*This website uses Javascript to render markdown documents in your browser,
apply syntax highlighting to code fragments and render $\LaTeX$ formulas.
Below is the markdown source code of this page. You can either read that or
enable Javascript to have it rendered to HTML.*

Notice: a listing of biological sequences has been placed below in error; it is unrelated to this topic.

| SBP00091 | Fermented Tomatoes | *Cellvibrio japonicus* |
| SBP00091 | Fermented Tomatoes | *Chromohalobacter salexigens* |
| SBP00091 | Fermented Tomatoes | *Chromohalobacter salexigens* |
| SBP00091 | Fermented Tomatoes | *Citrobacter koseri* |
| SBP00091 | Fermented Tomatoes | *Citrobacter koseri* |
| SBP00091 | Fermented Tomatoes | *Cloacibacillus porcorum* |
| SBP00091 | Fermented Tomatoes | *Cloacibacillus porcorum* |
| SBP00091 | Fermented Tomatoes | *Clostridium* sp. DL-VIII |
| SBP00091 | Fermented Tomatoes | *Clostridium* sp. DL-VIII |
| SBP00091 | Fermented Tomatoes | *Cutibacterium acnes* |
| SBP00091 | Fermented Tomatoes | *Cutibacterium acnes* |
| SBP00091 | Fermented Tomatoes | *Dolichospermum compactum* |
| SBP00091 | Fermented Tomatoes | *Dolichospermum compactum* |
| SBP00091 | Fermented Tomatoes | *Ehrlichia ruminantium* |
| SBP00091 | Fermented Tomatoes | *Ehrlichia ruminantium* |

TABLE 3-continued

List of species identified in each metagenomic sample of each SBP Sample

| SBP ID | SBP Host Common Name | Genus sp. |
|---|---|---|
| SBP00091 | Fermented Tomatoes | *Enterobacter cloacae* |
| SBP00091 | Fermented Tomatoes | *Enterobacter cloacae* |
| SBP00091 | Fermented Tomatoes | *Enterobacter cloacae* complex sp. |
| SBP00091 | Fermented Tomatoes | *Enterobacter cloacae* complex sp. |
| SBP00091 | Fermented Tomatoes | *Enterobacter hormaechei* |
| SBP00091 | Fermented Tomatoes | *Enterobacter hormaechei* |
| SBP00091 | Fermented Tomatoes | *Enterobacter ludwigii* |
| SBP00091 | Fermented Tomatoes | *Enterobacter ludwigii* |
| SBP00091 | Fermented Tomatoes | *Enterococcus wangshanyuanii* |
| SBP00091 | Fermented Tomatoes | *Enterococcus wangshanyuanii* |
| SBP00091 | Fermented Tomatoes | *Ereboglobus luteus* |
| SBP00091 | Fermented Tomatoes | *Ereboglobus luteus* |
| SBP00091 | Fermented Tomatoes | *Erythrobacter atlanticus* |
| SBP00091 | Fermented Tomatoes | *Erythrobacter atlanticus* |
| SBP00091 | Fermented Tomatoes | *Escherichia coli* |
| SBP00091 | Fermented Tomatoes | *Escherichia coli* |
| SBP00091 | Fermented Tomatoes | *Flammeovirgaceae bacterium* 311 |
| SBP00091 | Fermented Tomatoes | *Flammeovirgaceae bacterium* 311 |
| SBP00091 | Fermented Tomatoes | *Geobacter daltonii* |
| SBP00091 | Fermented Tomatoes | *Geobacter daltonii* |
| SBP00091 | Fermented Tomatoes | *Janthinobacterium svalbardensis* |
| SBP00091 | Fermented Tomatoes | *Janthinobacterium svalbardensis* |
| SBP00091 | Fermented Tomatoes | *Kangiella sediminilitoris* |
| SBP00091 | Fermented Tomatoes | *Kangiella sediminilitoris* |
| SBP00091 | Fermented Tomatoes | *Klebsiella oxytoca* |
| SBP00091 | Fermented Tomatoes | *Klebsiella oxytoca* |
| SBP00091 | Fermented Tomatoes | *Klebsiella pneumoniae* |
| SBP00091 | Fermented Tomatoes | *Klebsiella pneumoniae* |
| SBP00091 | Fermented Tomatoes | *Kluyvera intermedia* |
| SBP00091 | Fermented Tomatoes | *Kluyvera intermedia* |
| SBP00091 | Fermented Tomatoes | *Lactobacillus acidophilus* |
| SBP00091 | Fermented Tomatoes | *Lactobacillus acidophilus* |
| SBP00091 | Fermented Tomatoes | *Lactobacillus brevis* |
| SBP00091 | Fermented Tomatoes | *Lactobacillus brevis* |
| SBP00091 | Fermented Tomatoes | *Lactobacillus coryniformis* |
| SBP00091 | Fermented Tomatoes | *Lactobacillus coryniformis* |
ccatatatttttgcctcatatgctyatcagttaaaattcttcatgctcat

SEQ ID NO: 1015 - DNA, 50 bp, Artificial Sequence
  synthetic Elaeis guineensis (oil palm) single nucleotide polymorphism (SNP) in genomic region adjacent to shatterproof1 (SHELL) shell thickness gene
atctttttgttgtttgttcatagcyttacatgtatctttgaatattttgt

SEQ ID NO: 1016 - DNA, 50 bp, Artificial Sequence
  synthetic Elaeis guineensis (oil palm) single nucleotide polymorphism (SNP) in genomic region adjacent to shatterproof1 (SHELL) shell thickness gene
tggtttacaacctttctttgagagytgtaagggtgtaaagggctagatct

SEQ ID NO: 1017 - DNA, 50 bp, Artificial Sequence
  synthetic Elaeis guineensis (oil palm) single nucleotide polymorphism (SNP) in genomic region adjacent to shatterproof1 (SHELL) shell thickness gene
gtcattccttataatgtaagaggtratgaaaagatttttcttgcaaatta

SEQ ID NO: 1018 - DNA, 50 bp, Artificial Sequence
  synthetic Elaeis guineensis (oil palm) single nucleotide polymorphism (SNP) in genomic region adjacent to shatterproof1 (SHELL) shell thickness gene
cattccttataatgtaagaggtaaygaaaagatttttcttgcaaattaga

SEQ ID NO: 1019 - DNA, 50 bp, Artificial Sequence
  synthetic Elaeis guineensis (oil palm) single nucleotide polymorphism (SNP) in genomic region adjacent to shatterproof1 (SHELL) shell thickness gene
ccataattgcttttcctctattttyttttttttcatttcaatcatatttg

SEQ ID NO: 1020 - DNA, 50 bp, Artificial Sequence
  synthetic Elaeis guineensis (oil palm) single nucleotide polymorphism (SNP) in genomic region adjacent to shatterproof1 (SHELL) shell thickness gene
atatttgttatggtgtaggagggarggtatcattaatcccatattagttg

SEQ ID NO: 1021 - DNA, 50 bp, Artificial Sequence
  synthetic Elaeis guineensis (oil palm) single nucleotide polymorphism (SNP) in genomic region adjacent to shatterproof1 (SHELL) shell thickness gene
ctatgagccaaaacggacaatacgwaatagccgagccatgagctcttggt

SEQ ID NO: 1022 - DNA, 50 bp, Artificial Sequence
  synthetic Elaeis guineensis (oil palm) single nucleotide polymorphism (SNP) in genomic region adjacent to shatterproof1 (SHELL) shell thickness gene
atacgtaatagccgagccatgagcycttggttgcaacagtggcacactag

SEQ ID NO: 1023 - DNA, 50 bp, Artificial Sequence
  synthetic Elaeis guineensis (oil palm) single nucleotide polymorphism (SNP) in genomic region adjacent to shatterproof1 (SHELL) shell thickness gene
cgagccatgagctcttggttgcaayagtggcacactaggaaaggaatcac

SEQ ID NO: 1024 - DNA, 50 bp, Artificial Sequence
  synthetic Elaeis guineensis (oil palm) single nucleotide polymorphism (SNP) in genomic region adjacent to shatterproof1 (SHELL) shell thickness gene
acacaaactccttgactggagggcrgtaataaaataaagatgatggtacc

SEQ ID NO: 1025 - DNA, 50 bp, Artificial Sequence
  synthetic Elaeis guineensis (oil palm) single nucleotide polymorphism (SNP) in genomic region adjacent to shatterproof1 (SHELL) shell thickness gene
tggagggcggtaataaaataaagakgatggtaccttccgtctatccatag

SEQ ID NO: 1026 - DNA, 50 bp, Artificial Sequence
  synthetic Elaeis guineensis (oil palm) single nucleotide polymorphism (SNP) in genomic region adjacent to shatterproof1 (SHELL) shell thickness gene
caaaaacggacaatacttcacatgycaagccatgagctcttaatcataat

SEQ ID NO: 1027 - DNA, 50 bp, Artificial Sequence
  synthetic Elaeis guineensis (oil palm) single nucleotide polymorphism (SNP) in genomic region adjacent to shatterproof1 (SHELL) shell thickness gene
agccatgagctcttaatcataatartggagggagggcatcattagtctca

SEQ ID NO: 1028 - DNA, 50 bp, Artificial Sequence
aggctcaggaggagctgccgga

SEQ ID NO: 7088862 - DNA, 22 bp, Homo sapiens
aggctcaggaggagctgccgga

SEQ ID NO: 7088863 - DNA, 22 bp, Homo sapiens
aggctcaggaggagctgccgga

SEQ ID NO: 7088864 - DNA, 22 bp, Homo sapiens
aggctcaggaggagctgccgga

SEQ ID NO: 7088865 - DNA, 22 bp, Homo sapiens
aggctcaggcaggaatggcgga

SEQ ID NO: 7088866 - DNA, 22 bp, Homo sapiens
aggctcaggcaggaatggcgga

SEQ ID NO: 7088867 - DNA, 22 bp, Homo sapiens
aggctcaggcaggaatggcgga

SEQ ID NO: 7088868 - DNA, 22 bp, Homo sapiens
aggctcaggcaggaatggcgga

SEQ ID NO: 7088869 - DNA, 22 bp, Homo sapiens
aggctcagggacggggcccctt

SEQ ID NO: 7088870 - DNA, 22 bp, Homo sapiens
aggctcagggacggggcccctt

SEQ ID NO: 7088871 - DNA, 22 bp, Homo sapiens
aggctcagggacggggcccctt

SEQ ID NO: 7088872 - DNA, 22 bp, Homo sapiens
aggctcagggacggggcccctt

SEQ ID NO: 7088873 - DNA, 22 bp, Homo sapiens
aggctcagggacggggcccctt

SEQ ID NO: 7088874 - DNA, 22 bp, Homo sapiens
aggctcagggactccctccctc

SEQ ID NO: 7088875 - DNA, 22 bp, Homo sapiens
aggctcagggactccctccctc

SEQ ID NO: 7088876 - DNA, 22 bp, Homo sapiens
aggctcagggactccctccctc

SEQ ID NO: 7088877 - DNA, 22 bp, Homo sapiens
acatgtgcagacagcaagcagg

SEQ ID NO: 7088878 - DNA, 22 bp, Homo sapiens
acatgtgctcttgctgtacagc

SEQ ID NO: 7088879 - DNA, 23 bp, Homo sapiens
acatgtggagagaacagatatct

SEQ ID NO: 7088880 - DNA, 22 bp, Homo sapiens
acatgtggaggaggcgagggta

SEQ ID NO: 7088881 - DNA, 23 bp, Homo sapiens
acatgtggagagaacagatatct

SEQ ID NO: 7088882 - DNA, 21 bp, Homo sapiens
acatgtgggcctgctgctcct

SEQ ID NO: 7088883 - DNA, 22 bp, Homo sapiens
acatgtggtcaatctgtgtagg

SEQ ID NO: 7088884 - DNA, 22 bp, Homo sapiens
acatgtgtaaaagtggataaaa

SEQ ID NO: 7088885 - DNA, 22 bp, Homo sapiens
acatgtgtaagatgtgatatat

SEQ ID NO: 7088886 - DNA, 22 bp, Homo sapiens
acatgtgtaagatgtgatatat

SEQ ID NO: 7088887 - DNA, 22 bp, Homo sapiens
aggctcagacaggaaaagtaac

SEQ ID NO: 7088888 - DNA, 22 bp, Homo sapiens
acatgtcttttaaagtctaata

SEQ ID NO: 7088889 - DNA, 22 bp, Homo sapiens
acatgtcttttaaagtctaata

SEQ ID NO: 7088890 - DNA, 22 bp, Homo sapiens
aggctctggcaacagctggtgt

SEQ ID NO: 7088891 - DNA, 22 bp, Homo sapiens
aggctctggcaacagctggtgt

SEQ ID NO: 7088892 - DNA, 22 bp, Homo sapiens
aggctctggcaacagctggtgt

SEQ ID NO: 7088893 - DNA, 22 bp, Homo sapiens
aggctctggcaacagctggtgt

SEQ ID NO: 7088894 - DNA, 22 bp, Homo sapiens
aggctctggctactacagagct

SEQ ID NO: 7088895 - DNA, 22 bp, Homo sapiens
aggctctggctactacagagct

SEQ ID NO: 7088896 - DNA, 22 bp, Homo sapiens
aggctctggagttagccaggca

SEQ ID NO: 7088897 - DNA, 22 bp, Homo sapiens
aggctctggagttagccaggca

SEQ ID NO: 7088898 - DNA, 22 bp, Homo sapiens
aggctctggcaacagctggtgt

# Axioms and CI implication After [installing `CInet::Tools`](/install), you can start the program `CImake`: ``` console $ CImake 0> ``` This presents you with a REPL (read-eval-print loop) for you to enter Perl code, similar to [`polymake`]. The REPL is just an interface to a standard Perl interpreter with all the CInet modules loaded. Using `CInet::Tools`, axioms for CI structures can easily be written down. A *semigraphoid* is a set of conditional independence statements which is closed under the following boolean formula $$ (ij|L) \wedge (ik|jL) \Rightarrow (ik|L) \wedge (ij|kL) $$ for any distinct $i, j, k$ and a set $L$ disjoint from $ijk$. The module [`CInet::Propositional`] provides syntactic sugar which allows us to define semigraphoids in a similarly succinct fashion: ``` console 0> propositional Semigraphoids = cube (ijk|L) -> (ij|L) & (ik|jL) => (ik|L) & (ij|kL); # time=00:00.00 ``` Some remarks about this line are in order since it deviates from usual Perl code. It uses the powerful [`Keyword::Declare`] module to hijack the Perl parser and add our own syntax extensions. In this case, the `propositional` keyword switches from the usual Perl parser to our own, which understands a math-like syntax for CI axioms. The other remark concerns terminology around `cube`s. By pure coincide, the faces of the $n$-dimensional hypercube $C_n$ index many important concepts in the theory of conditional independence structures. Its points (vertices) correspond to subsets of $[n]$ and therefore to subvectors of a random vector. Its edges (1-faces) are described by non-empty subsets with a distinguished element. We use $(i|L)$ to denote the edge that goes from vertex $L$ to vertex $iL$, whenever $i \not\in L$. Edges index elementary functional dependence statements. Lastly, squares (2-faces) are similarly indexed by $(ij|L)$ where $i \not= j$ and $L \cap ij = \emptyset$. This symbol corresponds to the 2-face with vertices $L, iL, jL, ijL$ and it indexes an elementary conditional independence statement. The part `cube (ijk|L)` in the above statement specifies that the following axioms require distinct atoms $i,j,k$ and an arbitrary disjoint subset $L$ of the ground set. The axioms given after the arrow `->` will be replicated for every such $3$-face of the $n$-cube. The result of this statement in our `CImake` environment is that it defines a function `Semigraphoids` which can be called with a ground set argument. This results in a sequence ([`CInet::Seq::Propositional`]) to be created for dealing with the set of all semigraphoids on that ground set. This sequence has a SAT solver ([`CInet::ManySAT`]) attached which allows to efficiently test membership, count or enumerate all elements. ``` console 1> Semigraphoids(3)->count 22 # time=00:00.01 2> Semigraphoids(4)->count 26424 # time=00:00.03 ``` The symmetric group $S_n$ acts on the ground $[n]$ and it induces an action on the cube $C_n$ and its face lattice which preserves the dimension of each face. In particular, there is a resulting action on CI structures as sets of 2-faces. This symmetry is implemented in `CInet::Symmetry`. The sequence object generated by `Semigraphoids` can be reduced modulo this symmetry using the following built-in function: ``` console 3> Semigraphoids(4)->modulo(SymmetricGroup)->count 1512 # time=00:00.35 ``` This still takes less than a second to compute! Semigraphoids are also closed under the entire symmetry group of the $n$-cube, also known as the hyperoctahedral group $B_n$. This is implemented as well: ``` console 4> Semigraphoids(4)->modulo(HyperoctahedralGroup)->count 629 # time=00:00.82 ``` Our final note about axioms in this tutorial is that axiom systems like `Semigraphoid` can be reused. *Graphoids* are semigraphoids which also fulfill the intersection axiom. ``` console 5> propositional Graphoids = cube(ijk|L) -> Semigraphoids, (ij|kL) & (ik|jL) => (ij|L) & (ik|L); 6> Graphoids(4)->count 6482 # time=00:00.11 ``` If a graphoid also satisfies upwards stability and weak transitivity, then it is an undirected graphical model. Due to faithfulness of these models, the following is a very roundabout way of counting undirected graphs: ``` console 7> propositional UndirectedGraphs = cube(ijk|L) -> Graphoids, (ij|L) => (ij|kL), (ij|L) => (ik|L) | (jk|L); 8> 0+ UndirectedGraphs(4)->count 64 # time=00:00.02 9> 0+ UndirectedGraphs(5)->count 1024 # time=00:00.16 10> 0+ UndirectedGraphs(6)->count 32768 # time=00:25.02 ``` The last line took 25 seconds to execute! Recall that the `->count` method uses an exact model counter (or \#SAT solver), in this case the program `dsharp`, on the boolean formula assembled from the given axioms. One piece of advice from years of using SAT solvers: It is sometimes more efficient to *enumerate* all solutions to the formula using an AllSAT solver --- especially when the number of solutions is comparatively small --- and to count the elements in the result set. This can work because counters and enumerators use very different algorithms and sometimes the enumeration strategy is more powerful against a given formula. ``` console 11> 0+ UndirectedGraphs(6)->list 32768 # time=00:02.30 ``` ## References * <a name="Stu05">[Stu05]</a> M. Studený: *Probabilistic conditional independence structures*. Springer, 2005. [`polymake`]: https://polymake.org/doku.php [`CInet::Propositional`]: /doc/CInet::Propositional [`CInet::ManySAT`]: /doc/CInet::ManySAT [`CInet::Seq::Propositional`]: /doc/CInet::Seq::Propositional [`Keyword::Declare`]: https://metacpan.org/pod/Keyword::Declare